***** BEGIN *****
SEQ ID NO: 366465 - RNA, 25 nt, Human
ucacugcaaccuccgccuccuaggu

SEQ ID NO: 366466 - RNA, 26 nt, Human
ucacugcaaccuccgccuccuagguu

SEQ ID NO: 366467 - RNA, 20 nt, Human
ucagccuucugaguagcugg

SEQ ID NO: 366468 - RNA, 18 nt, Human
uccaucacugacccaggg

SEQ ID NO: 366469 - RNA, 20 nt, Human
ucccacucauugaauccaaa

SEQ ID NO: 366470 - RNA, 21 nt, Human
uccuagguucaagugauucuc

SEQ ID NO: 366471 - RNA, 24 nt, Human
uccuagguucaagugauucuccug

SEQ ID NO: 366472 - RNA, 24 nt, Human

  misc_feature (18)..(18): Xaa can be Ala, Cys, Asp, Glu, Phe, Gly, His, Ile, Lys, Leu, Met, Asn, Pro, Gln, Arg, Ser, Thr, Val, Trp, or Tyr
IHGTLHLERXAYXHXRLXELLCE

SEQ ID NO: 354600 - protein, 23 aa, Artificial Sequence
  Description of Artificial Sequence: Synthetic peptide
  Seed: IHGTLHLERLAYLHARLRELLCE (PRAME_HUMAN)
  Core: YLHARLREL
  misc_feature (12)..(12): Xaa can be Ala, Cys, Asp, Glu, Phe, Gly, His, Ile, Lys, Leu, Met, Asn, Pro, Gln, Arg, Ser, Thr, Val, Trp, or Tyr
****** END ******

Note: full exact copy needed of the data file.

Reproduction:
SEQ ID NO: 366465 - RNA, 25 nt, Human
ucacugcaaccuccgccuccuaggu

SEQ ID NO: 366466 - RNA, 26 nt, Human
ucacugcaaccuccgccuccuagguu

SEQ ID NO: 366467 - RNA, 20 nt, Human
ucagccuucugaguagcugg

SEQ ID NO: 366468 - RNA, 18 nt, Human
uccaucacugacccaggg

SEQ ID NO: 366469 - RNA, 20 nt, Human
ucccacucauugaauccaaa

SEQ ID NO: 366470 - RNA, 21 nt, Human
uccuagguucaagugauucuc

SEQ ID NO: 366471 - RNA, 24 nt, Human
uccuagguucaagugauucuccug

SEQ ID NO: 366472 - RNA, 24 nt, Human

  misc_feature (18)..(18): Xaa can be Ala, Cys, Asp, Glu, Phe, Gly, His, Ile, Lys, Leu, Met, Asn, Pro, Gln, Arg, Ser, Thr, Val, Trp, or Tyr
IHGTLHLERXAYXHXRLXELLCE

SEQ ID NO: 354600 - protein, 23 aa, Artificial Sequence
  Description of Artificial Sequence: Synthetic peptide
  Seed: IHGTLHLERLAYLHARLRELLCE (PRAME_HUMAN)
  Core: YLHARLREL
  misc_feature (12)..(12): Xaa can be Ala, Cys, Asp, Glu, Phe, Gly, His, Ile, Lys, Leu, Met, Asn, Pro, Gln, Arg, Ser, Thr, Val, Trp, or Tyr